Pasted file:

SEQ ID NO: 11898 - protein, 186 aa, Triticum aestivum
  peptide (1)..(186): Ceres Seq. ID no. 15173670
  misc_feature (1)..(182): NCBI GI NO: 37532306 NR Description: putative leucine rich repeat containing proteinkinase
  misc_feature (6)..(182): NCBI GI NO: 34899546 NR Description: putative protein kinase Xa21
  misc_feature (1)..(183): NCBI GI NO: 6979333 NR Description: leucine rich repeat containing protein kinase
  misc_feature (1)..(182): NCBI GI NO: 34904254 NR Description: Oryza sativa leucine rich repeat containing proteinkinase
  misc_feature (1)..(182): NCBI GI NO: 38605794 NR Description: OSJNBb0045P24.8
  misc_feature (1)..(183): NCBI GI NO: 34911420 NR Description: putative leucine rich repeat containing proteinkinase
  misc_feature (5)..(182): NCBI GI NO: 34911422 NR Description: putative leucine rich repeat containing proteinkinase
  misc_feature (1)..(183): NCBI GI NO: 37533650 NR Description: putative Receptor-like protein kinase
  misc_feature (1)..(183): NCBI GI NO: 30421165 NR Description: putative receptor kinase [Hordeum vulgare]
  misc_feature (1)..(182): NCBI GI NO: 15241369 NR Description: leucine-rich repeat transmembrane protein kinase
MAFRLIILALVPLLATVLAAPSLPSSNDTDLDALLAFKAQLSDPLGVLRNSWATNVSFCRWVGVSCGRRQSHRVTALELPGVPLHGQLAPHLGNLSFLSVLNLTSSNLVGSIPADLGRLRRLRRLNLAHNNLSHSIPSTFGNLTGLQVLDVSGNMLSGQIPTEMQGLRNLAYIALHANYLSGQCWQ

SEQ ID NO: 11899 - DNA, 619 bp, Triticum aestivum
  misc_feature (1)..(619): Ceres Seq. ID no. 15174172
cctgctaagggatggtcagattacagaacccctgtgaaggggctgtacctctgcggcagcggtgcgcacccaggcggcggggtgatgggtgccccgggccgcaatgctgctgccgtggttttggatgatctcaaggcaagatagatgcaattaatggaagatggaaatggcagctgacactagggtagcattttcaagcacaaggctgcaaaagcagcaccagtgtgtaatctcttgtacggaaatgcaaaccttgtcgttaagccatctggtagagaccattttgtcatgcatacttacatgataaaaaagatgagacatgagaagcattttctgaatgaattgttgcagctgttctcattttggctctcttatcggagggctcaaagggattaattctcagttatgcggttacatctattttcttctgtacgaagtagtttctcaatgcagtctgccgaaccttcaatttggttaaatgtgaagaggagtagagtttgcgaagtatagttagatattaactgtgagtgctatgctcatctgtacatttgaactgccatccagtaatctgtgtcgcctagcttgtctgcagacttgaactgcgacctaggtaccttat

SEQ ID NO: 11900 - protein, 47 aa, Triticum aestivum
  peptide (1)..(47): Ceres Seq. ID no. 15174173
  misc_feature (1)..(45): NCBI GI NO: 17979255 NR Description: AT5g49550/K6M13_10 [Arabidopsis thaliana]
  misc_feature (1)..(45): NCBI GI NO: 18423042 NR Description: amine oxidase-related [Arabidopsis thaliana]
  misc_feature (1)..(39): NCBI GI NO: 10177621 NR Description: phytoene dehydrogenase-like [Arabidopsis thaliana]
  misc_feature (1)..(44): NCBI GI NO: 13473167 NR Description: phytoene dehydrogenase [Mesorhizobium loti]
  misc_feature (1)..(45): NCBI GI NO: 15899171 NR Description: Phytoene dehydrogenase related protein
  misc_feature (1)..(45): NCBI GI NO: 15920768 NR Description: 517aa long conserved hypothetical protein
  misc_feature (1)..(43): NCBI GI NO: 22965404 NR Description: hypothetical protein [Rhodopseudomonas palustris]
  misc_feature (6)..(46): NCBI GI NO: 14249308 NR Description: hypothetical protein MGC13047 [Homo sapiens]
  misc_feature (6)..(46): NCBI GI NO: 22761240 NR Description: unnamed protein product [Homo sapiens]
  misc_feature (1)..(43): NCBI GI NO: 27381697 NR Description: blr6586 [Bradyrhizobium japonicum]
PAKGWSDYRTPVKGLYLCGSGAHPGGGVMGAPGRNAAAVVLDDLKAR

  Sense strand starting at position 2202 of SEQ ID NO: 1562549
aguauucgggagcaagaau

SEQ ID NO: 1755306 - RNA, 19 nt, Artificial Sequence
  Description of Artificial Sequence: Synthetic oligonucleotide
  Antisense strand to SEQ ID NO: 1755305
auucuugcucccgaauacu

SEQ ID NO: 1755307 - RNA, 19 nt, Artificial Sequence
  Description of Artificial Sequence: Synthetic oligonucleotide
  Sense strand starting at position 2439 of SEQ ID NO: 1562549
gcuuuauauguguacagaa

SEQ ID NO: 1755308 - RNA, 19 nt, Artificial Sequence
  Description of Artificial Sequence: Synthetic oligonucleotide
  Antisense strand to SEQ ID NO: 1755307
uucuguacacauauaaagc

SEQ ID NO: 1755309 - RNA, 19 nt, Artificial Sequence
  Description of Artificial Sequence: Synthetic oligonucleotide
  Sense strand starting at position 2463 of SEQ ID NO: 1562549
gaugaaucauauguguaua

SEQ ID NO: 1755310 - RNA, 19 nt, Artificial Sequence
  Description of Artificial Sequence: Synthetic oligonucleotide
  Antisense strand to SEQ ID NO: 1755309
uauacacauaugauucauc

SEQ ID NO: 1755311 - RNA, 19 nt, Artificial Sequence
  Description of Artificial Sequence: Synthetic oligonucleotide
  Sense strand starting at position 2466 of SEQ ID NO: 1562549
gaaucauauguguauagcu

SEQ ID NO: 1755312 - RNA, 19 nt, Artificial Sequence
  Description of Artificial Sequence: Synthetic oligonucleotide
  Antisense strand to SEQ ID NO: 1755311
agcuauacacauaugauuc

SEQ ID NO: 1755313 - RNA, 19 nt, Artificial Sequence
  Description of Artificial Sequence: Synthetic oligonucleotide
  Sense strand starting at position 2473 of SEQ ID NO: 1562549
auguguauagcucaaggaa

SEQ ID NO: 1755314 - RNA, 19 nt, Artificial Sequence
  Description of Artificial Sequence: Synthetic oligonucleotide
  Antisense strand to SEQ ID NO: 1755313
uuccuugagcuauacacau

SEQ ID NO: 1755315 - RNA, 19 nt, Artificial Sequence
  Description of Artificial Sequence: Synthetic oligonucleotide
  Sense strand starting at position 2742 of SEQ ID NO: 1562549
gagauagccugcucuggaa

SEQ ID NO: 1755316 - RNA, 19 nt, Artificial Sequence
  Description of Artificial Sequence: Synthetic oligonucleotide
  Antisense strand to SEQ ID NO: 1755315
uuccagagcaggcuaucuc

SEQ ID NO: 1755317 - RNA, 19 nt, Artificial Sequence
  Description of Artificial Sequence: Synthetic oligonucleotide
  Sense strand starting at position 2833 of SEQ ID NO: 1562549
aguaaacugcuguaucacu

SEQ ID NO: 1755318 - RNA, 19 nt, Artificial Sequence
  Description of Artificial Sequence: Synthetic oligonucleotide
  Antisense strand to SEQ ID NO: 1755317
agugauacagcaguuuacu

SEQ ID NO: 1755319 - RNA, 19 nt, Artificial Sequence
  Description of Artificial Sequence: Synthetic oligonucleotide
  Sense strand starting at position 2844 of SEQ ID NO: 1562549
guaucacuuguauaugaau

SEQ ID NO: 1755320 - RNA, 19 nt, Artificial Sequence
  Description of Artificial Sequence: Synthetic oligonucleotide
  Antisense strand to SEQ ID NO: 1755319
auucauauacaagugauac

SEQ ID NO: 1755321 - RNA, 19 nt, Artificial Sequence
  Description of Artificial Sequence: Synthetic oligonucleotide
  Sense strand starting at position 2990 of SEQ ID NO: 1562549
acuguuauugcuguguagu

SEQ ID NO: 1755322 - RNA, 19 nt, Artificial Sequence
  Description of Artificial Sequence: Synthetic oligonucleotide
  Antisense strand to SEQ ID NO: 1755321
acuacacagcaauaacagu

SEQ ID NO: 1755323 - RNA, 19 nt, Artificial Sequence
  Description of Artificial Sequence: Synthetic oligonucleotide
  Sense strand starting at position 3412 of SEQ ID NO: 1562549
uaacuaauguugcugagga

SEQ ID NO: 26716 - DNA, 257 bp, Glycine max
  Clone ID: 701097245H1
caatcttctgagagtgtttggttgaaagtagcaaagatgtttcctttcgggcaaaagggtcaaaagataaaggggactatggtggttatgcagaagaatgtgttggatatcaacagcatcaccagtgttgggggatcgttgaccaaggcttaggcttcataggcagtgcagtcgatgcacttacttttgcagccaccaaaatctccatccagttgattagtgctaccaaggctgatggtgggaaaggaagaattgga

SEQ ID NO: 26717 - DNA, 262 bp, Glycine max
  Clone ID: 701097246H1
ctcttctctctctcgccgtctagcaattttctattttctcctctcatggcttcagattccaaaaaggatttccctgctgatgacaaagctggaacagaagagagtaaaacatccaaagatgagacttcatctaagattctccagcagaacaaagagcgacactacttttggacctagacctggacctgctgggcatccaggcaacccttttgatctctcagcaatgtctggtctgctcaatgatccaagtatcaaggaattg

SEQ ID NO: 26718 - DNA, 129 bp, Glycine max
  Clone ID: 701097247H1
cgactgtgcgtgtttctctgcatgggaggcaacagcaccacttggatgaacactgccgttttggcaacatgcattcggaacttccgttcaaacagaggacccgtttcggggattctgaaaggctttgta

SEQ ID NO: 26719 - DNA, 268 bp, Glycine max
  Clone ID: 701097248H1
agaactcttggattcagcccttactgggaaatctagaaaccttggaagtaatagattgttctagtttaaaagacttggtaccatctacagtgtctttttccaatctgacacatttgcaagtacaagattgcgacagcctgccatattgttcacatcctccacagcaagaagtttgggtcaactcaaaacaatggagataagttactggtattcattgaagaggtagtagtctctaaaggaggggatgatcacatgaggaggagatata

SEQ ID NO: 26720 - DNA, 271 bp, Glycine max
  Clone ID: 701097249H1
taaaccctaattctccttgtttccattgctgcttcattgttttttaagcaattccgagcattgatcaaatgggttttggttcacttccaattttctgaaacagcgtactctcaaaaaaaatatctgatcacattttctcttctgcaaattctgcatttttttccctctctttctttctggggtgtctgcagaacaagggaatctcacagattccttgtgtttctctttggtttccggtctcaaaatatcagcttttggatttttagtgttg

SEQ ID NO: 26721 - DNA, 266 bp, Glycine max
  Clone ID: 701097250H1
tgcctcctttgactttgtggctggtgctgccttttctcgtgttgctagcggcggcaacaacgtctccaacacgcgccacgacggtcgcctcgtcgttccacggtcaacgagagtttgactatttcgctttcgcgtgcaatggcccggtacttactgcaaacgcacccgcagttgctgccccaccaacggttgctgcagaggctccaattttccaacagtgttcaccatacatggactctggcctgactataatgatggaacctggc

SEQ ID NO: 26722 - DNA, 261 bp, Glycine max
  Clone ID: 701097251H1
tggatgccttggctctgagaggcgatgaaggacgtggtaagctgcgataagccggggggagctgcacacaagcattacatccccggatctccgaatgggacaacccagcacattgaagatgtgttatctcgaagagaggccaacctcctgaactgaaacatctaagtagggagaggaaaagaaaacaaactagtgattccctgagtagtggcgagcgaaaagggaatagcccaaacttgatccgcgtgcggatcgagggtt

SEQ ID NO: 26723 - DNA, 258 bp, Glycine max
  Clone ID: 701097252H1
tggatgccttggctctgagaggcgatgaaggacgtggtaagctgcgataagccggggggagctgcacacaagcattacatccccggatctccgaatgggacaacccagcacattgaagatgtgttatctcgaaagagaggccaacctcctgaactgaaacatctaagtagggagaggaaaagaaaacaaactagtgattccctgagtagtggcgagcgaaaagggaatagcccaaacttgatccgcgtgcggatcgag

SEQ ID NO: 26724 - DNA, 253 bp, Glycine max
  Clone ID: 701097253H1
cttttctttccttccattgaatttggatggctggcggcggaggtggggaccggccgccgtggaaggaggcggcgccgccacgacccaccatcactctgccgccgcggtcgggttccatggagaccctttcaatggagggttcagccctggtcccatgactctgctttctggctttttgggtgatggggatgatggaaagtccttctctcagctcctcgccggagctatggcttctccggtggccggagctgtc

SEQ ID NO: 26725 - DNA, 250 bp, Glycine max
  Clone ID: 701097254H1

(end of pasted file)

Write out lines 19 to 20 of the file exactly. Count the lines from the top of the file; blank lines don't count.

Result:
  misc_feature (1)..(45): NCBI GI NO: 17979255 NR Description: AT5g49550/K6M13_10 [Arabidopsis thaliana]
  misc_feature (1)..(45): NCBI GI NO: 18423042 NR Description: amine oxidase-related [Arabidopsis thaliana]